Attacks throughout the Middle East, as the U.S. and NATO forces continue to pursue key entities in the global terror network, have fettered al-Qaida’s ability to maintain strongholds in Pakistan, leading the organization to search for opportunities to expand throughout the Arabian peninsula, the Washington Examiner reports.
Many have raised concerns that the NATO-facilitated unrest in Libya will create a power vacuum in the country that the terrorist organization will silently fill.
“The idea of global jihad is alive and thriving as the Arab Spring turns violent," Bruce Riedel, a former CIA officer and senior adviser to three U.S. Presidents on the Middle East said in the article.
Unrest in Tripoli continues, with news of former Libyan leader Moammar Gadhafi defeated one day and making military gains the next as a violent NATO-backed rebel insurrection continues, and there are now reports that former al-Qaida members have gained high level positions in the country.
Libya’s National Transitional Council (NTC) on Saturday announced that a Military Council would be formed in order to protect a fledgling rebel government. Heading up this council will be Abdel Hakim Belhadj, the former head of the al-Qaida-linked Libyan Islamic Fighting Group (LIFG), which was banned internationally as a terrorist organization after the 9/11 attacks.
Asharq Al Awsat, an Arabic newspaper, produced an article about Belhadj in August entitled “From Holy Warrior to Hero of a Revolution.”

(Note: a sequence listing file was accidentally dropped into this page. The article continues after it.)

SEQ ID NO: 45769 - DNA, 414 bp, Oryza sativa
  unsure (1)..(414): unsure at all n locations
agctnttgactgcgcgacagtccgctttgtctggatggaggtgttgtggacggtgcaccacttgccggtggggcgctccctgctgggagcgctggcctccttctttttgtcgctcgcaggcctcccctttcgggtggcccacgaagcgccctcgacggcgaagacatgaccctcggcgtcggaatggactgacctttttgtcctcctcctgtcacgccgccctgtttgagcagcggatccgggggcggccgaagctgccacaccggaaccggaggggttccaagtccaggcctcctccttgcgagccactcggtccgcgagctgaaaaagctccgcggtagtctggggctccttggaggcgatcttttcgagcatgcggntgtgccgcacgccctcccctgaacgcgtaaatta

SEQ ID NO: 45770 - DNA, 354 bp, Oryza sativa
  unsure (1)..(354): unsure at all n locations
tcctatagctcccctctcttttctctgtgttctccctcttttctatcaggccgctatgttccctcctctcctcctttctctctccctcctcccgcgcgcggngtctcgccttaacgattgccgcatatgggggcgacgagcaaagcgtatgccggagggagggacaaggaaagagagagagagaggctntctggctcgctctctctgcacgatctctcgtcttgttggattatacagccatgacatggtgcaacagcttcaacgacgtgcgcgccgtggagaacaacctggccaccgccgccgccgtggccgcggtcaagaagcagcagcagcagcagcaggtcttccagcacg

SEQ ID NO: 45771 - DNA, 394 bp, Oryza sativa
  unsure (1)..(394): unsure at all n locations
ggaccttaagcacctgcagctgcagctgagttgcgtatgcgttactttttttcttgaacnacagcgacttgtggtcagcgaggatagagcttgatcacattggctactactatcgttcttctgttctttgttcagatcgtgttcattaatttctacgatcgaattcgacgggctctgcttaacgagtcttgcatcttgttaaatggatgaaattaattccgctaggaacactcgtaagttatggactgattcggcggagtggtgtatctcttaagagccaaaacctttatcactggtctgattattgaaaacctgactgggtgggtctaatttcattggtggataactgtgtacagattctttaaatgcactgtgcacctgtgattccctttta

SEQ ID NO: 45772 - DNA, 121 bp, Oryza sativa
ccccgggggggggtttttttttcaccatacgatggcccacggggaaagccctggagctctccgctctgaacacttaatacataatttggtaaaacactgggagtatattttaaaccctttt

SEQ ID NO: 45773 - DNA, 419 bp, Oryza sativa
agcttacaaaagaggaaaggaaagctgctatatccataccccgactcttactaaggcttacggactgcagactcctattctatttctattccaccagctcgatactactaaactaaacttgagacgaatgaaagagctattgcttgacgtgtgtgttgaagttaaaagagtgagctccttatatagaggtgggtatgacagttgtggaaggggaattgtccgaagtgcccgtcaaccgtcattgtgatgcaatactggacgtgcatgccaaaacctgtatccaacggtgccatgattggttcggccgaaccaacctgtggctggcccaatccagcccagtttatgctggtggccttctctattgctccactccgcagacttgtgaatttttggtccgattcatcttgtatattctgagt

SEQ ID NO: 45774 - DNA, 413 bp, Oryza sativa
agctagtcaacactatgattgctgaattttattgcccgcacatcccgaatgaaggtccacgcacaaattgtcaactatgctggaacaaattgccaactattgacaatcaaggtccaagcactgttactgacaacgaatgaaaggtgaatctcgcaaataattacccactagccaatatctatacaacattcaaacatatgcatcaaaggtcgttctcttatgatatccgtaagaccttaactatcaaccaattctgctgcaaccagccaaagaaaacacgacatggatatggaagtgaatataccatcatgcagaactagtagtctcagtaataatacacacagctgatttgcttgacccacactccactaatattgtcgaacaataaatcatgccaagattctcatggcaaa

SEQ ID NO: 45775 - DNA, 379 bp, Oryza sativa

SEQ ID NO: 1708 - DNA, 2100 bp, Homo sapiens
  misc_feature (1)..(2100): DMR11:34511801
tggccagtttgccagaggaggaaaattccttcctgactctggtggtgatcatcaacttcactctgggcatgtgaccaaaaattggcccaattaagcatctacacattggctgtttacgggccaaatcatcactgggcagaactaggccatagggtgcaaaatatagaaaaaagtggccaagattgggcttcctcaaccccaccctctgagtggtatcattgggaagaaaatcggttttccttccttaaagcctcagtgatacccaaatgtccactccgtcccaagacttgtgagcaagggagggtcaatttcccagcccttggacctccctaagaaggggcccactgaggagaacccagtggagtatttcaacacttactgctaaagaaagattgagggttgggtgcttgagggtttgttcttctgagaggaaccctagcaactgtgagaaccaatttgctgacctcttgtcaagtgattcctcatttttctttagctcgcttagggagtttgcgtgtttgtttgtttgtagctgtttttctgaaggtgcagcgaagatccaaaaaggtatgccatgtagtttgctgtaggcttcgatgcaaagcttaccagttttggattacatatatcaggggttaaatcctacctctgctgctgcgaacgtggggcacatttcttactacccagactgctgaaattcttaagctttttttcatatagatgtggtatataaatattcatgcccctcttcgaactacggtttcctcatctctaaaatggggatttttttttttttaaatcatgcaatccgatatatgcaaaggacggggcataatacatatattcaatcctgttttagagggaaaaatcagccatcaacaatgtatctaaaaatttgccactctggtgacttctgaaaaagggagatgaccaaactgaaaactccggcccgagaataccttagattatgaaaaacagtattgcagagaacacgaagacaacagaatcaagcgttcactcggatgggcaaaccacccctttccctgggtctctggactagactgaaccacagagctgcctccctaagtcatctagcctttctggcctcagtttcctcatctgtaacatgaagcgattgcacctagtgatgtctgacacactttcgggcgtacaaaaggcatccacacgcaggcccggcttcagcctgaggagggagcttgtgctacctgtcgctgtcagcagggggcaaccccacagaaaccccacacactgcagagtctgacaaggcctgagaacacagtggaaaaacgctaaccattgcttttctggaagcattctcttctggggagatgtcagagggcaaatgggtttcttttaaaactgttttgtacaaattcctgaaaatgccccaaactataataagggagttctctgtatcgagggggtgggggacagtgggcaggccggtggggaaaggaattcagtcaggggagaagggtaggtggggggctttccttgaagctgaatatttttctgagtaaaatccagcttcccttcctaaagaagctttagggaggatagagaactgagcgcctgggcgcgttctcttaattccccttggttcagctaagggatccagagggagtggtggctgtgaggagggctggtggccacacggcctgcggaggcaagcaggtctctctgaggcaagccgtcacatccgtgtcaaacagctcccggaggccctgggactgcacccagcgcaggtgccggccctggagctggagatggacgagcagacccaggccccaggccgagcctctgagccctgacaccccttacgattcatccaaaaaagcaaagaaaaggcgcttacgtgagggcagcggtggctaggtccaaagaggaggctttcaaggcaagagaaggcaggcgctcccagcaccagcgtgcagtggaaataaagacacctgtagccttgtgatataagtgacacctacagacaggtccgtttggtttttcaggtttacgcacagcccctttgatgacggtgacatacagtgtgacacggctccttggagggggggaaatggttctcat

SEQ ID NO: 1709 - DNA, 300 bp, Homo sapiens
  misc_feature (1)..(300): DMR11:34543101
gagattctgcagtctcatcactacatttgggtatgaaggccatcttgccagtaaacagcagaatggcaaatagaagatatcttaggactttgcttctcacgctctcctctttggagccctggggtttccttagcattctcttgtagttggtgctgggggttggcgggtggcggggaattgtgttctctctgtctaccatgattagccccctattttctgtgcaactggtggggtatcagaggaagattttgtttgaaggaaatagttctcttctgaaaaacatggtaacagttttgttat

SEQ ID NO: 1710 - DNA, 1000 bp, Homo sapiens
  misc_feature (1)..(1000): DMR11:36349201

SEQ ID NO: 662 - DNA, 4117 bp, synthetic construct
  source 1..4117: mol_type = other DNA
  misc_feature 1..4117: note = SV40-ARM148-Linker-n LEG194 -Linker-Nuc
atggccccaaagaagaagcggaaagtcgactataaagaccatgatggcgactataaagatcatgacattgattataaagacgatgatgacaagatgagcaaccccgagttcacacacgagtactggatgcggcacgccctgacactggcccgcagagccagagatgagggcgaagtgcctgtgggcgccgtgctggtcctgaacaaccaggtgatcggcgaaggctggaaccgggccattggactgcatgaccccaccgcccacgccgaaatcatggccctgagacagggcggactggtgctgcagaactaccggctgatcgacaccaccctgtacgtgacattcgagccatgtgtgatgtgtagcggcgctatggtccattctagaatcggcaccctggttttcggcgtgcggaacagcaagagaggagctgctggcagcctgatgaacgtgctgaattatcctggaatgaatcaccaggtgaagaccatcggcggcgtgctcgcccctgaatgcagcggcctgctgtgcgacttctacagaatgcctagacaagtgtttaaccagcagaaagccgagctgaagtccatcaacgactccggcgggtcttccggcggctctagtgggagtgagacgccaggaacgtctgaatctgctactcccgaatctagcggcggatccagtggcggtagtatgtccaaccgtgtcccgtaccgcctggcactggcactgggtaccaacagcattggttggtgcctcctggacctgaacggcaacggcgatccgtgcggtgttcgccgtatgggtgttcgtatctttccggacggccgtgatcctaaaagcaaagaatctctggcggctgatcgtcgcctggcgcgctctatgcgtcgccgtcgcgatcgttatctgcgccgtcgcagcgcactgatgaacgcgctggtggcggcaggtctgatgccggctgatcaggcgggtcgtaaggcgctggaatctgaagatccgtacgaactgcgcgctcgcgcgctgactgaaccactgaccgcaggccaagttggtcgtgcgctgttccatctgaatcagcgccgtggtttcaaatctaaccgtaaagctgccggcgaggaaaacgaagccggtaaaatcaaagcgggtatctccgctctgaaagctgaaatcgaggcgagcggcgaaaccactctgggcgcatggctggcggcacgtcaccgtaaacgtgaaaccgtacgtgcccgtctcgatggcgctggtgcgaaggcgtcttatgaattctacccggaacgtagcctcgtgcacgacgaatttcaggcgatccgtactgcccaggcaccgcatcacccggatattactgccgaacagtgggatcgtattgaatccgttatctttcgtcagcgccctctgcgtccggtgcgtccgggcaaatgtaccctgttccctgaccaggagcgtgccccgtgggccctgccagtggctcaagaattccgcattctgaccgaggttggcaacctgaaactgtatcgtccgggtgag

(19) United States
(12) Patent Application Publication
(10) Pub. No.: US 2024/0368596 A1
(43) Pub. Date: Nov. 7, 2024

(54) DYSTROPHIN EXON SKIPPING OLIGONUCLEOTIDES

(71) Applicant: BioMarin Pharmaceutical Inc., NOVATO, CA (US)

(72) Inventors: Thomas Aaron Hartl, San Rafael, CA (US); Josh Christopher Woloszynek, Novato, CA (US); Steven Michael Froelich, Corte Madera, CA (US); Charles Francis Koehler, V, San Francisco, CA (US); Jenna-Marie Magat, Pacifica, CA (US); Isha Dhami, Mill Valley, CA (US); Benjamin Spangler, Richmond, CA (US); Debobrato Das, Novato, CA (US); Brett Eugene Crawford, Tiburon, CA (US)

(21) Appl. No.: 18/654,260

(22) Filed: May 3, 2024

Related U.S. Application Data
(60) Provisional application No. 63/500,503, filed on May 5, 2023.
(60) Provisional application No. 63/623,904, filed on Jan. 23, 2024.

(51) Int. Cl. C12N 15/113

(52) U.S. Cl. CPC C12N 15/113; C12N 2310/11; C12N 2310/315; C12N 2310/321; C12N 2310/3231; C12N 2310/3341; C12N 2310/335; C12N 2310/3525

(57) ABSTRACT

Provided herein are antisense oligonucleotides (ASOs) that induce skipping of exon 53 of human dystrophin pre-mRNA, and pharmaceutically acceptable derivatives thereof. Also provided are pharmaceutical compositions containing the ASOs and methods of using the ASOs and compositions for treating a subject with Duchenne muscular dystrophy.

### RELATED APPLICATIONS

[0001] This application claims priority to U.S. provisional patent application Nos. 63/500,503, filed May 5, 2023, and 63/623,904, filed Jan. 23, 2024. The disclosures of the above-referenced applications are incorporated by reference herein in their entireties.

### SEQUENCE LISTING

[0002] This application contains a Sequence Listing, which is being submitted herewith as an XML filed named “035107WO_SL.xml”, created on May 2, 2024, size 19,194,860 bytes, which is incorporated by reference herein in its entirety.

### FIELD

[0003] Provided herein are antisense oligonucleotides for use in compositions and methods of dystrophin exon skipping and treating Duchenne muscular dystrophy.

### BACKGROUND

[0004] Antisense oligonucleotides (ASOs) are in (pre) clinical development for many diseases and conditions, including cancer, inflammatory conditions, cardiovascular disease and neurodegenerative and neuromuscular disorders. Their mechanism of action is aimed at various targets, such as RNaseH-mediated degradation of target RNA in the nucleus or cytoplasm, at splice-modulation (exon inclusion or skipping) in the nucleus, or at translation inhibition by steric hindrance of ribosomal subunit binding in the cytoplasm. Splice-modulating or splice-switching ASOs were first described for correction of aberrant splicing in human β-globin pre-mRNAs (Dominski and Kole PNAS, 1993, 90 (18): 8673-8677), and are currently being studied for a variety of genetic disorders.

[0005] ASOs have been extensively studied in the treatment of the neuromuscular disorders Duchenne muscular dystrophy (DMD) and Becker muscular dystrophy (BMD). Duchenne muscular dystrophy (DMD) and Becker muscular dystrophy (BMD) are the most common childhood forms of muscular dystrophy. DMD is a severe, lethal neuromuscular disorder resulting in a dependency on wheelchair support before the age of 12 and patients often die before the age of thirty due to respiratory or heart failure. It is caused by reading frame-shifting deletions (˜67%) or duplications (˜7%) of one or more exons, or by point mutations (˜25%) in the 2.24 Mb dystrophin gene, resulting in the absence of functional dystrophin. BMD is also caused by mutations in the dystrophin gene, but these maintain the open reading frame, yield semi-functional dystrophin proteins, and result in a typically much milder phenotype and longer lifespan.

It is reported that Belhadj is just one of about 1,000 members of the radical Islamic group, which has been under CIA and British Intelligence scrutiny for the past two decades, and has been a major benefactor in the overthrow of Gadhafi and the destabilization of his country. In March, members of the LIFG apparently announced that they had placed themselves under the leadership of the NATO-affiliated NTC, and that the group had changed its name from the LIFG to the friendlier moniker, Libyan Islamic Movement.
In a recent interview that was reprinted by Time, Belhadj denied any “ideological” ties to al-Qaida, but admitted to fighting alongside the terror cell in Afghanistan. In 2004 he was reportedly arrested by the CIA, detained as a terrorist and thrown into a Libyan prison after being tortured by U.S. officials. The Gadhafi regime liberated him from the prison in 2010.
It remains unclear whether the Libyan Islamist Movement favors the establishment of an Islamic State in Libya — which would allow al-Qaida opportunities to move freely, plan and headquarter in the country — or if they support Sharia law.